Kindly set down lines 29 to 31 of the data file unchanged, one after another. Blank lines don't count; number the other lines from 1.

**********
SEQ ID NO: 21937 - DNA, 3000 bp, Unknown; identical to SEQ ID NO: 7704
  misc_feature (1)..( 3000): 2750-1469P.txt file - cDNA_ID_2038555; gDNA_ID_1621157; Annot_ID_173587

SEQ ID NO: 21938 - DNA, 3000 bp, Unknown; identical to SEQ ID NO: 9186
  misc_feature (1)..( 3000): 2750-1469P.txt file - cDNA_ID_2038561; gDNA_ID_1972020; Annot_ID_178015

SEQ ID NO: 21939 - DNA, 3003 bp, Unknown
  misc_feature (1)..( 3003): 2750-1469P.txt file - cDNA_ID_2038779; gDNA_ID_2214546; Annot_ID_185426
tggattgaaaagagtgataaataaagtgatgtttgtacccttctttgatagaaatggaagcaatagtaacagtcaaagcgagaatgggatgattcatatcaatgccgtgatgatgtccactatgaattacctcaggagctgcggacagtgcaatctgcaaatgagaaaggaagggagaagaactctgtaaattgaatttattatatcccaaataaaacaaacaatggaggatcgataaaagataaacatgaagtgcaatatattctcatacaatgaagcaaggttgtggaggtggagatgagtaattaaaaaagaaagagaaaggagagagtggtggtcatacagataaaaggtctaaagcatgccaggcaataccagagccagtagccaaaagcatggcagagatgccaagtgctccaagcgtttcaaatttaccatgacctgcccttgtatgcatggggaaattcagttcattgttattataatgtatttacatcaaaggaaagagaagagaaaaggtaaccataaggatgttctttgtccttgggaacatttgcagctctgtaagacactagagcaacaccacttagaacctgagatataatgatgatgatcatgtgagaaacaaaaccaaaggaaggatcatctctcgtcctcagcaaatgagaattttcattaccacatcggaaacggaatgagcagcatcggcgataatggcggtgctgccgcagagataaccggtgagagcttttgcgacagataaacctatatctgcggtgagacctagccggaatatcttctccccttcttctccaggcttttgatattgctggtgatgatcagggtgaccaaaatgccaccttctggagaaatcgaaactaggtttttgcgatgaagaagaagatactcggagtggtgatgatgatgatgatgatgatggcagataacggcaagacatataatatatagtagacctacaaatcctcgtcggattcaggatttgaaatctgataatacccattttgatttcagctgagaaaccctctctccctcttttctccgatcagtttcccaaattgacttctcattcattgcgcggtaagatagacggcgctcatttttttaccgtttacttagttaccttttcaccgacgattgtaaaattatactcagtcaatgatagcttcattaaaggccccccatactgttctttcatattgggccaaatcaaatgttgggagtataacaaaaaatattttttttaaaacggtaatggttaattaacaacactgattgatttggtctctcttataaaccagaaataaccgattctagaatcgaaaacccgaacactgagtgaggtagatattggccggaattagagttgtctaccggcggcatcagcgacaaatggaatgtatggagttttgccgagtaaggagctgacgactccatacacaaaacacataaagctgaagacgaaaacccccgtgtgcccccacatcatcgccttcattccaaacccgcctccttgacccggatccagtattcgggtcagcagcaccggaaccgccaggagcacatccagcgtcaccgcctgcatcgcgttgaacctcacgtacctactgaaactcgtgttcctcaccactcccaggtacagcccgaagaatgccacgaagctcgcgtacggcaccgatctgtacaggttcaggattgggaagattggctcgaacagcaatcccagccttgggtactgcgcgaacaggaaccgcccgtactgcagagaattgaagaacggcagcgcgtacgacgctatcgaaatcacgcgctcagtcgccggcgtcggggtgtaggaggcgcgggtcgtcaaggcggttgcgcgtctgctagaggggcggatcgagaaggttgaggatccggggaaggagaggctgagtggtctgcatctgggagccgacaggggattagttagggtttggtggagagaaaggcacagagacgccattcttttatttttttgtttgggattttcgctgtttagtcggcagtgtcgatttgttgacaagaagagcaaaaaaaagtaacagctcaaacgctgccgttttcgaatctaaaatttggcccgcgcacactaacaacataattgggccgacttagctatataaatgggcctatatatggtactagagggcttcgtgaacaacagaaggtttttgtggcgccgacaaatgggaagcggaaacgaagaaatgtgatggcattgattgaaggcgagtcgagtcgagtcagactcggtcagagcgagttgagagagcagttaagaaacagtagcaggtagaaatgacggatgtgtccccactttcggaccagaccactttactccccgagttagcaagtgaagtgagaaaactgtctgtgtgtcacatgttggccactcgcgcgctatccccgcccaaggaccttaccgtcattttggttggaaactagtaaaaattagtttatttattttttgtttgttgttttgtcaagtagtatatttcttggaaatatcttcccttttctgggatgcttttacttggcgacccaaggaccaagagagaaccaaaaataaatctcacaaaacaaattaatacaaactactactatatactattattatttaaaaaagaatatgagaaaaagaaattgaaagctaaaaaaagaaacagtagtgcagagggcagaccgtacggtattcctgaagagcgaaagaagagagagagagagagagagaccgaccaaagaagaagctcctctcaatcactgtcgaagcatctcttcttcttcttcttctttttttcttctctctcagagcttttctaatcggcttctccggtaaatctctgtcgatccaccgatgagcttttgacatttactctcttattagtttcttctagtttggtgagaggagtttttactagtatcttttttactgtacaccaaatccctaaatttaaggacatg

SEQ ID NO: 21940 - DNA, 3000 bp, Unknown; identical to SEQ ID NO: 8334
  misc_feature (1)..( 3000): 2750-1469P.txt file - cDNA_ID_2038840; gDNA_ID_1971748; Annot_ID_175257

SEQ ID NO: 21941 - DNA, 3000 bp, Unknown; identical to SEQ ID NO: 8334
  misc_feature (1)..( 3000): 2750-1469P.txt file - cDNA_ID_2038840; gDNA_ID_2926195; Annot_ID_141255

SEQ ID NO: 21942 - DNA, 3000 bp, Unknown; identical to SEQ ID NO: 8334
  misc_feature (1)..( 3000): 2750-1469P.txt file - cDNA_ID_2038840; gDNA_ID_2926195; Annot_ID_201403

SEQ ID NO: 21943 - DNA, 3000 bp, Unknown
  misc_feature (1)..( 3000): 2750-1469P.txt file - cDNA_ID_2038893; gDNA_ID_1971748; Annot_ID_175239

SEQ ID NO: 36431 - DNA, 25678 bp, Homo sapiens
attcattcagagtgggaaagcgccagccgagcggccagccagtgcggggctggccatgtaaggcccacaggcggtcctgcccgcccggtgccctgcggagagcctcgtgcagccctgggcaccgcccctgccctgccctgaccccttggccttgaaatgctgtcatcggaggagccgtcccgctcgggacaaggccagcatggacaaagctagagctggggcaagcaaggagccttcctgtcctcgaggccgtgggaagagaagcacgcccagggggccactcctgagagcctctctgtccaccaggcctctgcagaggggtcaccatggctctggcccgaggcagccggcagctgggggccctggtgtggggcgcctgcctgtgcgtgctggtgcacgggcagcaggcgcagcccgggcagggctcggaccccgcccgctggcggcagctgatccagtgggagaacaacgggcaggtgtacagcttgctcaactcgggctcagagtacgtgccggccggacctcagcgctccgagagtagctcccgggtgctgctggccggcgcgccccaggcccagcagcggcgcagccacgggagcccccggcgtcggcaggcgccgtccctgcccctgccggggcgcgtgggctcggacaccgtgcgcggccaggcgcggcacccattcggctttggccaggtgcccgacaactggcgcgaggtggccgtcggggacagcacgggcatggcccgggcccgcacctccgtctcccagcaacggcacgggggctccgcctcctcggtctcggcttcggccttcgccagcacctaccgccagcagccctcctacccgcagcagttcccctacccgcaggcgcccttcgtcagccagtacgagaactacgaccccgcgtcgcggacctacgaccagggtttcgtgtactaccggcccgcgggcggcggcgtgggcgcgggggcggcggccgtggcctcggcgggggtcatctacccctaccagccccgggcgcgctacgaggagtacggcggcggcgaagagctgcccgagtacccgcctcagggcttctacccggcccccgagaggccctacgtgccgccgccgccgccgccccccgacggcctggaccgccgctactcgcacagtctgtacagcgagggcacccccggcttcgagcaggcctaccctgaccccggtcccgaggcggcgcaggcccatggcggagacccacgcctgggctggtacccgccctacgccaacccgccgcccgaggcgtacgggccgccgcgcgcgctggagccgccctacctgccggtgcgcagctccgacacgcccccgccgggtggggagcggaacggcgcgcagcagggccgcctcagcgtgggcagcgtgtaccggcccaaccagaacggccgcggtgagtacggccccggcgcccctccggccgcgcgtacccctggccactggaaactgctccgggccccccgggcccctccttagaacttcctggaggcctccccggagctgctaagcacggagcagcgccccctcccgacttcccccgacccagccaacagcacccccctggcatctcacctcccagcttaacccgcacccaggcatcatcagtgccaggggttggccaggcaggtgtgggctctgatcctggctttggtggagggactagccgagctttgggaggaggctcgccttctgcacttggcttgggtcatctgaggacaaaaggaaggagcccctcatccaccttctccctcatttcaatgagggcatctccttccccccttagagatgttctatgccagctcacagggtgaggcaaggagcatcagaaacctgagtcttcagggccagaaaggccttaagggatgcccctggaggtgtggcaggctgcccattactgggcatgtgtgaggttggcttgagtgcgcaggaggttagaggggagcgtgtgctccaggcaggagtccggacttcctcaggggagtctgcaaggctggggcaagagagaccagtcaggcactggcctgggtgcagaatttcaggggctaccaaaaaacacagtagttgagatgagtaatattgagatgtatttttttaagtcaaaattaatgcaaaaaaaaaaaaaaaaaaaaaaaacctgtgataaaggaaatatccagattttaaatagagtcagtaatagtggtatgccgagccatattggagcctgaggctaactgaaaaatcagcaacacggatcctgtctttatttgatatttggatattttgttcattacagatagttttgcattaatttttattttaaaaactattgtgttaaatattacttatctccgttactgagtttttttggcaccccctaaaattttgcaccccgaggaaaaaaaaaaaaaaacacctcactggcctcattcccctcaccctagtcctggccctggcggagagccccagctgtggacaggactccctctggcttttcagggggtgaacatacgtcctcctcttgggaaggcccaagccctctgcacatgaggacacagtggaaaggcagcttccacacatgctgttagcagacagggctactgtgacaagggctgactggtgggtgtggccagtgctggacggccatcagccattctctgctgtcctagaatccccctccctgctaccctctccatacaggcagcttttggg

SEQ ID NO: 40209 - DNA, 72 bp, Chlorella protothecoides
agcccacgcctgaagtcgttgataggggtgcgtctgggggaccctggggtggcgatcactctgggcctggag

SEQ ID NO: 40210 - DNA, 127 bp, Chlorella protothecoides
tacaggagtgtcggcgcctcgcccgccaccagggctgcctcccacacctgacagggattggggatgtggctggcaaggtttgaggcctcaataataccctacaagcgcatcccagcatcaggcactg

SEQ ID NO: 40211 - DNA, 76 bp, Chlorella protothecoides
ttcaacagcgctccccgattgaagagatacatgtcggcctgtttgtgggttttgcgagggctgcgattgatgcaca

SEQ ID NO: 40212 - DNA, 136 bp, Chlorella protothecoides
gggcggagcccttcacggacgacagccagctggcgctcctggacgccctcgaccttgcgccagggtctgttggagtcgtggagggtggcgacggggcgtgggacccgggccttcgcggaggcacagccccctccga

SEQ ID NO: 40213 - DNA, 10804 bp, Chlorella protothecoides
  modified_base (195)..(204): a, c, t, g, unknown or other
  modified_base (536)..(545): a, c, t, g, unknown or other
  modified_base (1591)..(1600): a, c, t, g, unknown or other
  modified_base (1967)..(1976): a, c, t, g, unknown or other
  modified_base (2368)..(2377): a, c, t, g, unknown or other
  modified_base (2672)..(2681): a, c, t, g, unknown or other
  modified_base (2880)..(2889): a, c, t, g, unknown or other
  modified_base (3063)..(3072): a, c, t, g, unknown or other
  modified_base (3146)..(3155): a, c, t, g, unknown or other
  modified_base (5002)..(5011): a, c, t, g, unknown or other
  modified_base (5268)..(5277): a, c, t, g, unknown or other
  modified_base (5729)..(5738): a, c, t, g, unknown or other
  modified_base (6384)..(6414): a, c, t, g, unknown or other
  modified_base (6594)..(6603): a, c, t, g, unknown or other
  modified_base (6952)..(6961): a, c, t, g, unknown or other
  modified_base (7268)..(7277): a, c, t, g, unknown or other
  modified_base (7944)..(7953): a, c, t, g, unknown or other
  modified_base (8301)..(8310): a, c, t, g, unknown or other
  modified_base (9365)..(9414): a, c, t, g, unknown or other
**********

  modified_base (1591)..(1600): a, c, t, g, unknown or other
  modified_base (1967)..(1976): a, c, t, g, unknown or other
  modified_base (2368)..(2377): a, c, t, g, unknown or other